March 12, 1996

In re: Carolyn J. Kalnins/City of Corydon


This matter comes to the Attorney General on appeal from the actions of the City of Corydon in responding to Carolyn J. Kalnins's requests for City records. On January 22, 1996, Ms. Kalnins requested access to, “All copies of City Att[orney] Dane Shields [sic] constitutional oath of office and surety bond.” On February 7, 1996, she requested access to:

· Records of the appointment of the Corydon City Attorney Dane Shield [sic] from the date initially appointed or hired thru the date of the most recent appointment[;]

· Records of the appointments of the City Clerk from the date initially appointed thru the date of the most recent appointment along with certified copies of the recorded oaths of office and surety bond for each appointment[.]

Ms. Kalnins is a former councilperson for the City of Corydon, and her requests were made under the Open Records Act.

In response to Ms. Kalnins's January 22 request, the City advised:

State law does not require a bond unless required by Council. KRS 62.050(3) City Code Sec. 31.45(E). City Attorney is an Independent Contractor and has already taken Oath as required when sworn in as an attorney - not required to take subsequent oath.

As independent contract attorney, no bond or oath has ever been required for city attorney of Henderson.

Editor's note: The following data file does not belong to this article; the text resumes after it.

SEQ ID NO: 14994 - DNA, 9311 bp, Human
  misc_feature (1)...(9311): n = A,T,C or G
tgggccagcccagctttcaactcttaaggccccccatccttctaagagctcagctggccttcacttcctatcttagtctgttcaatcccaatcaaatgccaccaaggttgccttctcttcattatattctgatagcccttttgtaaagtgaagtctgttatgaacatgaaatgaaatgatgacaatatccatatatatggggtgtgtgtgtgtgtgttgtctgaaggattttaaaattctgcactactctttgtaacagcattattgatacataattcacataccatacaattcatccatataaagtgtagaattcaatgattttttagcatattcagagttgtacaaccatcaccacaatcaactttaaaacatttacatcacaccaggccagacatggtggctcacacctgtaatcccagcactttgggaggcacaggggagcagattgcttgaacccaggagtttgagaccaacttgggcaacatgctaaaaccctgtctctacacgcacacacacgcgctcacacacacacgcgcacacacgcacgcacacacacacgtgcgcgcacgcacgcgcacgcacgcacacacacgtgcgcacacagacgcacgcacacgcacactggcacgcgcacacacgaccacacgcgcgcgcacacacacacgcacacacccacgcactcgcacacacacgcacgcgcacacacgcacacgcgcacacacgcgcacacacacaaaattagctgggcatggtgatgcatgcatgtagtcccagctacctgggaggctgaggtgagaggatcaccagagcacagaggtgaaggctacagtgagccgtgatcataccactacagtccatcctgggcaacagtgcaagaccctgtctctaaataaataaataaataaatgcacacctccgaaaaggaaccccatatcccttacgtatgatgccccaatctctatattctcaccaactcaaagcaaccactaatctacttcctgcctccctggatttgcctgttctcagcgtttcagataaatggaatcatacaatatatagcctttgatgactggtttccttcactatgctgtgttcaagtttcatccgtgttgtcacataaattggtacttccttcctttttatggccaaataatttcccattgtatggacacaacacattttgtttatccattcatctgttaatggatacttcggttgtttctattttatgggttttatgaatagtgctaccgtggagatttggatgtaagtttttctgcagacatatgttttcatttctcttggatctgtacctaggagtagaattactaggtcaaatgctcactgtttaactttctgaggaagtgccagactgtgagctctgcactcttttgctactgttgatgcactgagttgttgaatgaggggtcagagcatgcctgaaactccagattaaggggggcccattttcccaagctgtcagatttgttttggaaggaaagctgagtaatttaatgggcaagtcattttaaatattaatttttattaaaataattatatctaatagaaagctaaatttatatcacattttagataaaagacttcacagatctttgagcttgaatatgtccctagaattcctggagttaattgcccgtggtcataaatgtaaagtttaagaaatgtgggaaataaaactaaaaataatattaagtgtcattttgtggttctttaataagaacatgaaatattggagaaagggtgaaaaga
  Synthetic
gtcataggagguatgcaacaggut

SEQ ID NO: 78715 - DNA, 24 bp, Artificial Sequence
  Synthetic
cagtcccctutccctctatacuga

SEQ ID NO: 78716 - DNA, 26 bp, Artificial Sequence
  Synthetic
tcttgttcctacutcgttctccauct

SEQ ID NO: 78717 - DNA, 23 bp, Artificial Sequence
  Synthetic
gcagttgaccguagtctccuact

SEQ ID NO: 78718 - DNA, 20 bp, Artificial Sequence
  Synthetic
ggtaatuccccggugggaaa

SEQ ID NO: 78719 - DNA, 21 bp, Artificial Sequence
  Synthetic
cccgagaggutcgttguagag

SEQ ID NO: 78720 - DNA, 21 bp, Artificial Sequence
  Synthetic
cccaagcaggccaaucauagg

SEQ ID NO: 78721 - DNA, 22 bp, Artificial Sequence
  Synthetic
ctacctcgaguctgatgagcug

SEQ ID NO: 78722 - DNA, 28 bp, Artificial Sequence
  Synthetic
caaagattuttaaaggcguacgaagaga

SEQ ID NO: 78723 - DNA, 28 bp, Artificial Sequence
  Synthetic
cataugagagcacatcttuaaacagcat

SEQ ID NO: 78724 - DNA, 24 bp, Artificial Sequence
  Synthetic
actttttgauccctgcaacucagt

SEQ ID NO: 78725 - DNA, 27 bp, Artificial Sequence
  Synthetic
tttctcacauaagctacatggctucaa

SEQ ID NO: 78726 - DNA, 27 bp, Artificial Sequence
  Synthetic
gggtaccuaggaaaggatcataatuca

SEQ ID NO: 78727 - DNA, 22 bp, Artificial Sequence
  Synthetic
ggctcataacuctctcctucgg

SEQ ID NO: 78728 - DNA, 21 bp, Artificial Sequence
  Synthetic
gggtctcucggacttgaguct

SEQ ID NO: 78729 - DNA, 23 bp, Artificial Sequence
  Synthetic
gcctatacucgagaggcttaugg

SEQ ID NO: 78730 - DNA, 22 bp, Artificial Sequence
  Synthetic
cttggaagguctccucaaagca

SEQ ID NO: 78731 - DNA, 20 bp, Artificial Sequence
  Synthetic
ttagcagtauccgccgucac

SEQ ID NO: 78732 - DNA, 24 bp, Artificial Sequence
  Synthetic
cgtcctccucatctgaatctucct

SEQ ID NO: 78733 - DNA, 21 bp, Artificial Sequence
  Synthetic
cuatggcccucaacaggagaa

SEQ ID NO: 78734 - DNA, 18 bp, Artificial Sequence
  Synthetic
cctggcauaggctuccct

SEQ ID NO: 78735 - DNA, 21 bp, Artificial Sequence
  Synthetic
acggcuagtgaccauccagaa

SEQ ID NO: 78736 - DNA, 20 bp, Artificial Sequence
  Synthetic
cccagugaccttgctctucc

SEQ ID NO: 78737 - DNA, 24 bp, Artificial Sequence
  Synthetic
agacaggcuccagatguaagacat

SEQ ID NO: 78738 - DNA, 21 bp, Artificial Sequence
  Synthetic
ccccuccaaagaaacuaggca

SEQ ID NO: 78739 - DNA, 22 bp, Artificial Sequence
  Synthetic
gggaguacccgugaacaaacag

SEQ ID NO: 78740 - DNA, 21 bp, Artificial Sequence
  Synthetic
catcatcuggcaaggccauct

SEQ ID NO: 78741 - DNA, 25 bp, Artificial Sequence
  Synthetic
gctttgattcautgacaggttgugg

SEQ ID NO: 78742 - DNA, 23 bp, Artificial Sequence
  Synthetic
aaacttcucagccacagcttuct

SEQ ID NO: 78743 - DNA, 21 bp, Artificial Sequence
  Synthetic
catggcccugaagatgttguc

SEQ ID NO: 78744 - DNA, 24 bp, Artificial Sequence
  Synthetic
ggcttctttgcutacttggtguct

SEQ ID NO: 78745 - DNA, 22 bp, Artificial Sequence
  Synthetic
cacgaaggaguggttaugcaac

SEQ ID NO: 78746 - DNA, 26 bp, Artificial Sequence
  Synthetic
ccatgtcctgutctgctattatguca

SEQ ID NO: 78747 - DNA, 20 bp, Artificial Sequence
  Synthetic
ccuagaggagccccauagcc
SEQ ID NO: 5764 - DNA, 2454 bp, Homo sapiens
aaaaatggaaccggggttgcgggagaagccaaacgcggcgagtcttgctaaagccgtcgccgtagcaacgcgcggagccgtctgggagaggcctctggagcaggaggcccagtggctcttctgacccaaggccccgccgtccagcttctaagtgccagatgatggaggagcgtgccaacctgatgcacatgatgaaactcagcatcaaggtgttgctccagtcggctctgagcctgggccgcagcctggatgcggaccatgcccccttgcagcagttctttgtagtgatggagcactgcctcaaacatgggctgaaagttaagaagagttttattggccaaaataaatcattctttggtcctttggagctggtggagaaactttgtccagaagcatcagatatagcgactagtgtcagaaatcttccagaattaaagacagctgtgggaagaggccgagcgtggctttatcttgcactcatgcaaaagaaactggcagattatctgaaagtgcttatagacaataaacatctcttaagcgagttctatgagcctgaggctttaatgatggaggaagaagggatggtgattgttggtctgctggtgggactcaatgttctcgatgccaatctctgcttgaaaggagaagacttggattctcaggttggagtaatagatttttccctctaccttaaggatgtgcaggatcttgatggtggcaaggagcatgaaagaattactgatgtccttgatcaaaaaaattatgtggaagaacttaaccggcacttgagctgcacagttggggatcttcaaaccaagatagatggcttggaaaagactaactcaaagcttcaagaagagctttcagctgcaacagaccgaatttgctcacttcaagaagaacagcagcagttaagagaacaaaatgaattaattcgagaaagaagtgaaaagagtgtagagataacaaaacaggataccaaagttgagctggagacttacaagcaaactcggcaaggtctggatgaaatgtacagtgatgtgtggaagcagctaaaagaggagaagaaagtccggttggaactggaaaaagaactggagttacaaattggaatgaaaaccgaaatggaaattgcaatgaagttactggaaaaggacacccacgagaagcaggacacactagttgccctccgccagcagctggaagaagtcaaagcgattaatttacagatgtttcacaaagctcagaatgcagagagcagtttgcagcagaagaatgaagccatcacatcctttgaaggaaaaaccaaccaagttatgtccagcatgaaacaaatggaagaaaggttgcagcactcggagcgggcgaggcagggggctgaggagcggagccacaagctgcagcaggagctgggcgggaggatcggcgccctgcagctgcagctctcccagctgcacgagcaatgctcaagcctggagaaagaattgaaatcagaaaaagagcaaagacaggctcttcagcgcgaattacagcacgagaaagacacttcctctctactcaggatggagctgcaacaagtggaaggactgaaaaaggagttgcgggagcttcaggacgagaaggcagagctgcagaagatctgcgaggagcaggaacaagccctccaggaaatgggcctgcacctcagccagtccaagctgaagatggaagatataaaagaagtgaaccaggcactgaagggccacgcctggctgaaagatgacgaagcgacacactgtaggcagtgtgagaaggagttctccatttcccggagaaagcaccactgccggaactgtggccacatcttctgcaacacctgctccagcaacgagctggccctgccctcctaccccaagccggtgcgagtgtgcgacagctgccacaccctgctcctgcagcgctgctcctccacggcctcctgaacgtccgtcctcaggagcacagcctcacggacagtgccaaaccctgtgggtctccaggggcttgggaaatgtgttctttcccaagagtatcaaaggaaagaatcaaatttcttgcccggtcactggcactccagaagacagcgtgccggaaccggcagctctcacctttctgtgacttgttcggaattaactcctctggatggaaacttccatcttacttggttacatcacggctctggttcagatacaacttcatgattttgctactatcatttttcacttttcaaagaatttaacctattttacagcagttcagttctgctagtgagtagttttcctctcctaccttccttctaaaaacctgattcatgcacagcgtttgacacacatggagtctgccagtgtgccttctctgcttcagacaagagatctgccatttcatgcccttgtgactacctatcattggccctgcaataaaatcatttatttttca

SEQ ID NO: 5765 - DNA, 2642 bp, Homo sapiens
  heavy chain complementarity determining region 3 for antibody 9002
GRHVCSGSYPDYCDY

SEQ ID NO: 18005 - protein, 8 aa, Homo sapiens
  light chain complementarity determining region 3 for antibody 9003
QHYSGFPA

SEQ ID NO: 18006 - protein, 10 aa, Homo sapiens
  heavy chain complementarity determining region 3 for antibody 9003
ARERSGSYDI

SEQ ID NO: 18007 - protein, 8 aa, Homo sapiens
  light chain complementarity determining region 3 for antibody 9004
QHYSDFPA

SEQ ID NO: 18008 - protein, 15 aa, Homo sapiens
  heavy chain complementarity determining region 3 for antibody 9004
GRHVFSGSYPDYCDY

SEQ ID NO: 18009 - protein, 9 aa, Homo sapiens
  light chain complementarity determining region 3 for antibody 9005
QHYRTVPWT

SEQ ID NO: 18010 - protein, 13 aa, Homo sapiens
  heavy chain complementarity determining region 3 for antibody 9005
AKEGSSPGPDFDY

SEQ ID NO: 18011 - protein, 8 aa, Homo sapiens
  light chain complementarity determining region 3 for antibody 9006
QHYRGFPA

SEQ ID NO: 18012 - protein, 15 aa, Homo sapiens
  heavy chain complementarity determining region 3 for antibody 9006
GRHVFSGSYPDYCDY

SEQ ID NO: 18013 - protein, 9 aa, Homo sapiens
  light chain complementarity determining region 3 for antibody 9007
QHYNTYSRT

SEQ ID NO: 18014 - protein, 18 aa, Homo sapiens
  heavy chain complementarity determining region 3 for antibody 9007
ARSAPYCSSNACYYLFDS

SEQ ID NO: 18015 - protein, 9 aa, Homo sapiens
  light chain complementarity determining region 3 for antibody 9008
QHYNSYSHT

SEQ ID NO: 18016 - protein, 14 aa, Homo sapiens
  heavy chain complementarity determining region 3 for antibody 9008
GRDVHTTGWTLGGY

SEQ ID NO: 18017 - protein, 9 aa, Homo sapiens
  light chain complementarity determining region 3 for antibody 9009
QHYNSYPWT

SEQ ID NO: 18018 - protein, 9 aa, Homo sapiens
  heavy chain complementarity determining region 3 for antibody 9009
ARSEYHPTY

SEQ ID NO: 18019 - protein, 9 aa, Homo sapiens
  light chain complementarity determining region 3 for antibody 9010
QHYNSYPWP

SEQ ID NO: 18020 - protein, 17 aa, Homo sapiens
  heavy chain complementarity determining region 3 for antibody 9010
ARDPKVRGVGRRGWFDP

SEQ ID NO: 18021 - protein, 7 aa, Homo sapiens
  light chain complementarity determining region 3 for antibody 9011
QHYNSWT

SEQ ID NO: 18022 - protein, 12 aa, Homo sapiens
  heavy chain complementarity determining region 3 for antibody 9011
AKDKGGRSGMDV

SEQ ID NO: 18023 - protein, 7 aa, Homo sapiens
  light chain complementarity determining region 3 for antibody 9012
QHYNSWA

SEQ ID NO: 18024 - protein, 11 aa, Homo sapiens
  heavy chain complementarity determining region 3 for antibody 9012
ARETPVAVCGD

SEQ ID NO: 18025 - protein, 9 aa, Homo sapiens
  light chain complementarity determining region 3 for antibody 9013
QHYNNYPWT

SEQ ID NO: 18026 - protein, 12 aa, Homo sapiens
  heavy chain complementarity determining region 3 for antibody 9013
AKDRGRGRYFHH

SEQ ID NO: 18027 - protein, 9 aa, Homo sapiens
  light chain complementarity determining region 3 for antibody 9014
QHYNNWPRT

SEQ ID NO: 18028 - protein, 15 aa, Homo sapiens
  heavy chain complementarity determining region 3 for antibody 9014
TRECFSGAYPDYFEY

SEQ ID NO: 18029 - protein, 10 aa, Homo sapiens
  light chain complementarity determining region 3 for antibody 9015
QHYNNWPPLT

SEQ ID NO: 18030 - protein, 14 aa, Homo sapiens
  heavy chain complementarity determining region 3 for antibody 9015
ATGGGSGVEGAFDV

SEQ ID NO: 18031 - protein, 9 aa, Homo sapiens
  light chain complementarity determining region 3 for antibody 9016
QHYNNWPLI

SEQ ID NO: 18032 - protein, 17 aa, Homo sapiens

In response to the requests she submitted on February 7, the City advised:

As directed by Mayor Self, Official Custodian of Records for the City of Corydon, you are asked to present your request to inspect public records at a regular meeting of the Corydon City Council.

This appeal followed.

On February 26, 1996, Dane Shields, Corydon City Attorney, contacted this office by letter. In that letter, he stated that the information requested by Ms. Kalnins “was made available at the Corydon City Hall, however, Ms. Kalnins did not appear to inspect the information.” Additionally, he noted, “part of the information requested is not in existence, and Ms. Kalnins was notified that the information did not exist.” In closing, Mr. Shields stated that “[a]ny public information that is authorized by KRS Chapter 61 is available for inspection at the Corydon City Hall.”

We are asked to determine if the City of Corydon violated provisions of the Open Records Act in its handling of Ms. Kalnins's January 22 and February 7 open records requests. Although we see nothing wrong with the City's response to her January 22 request, we believe that its response to her February 7 request was violative of the Act.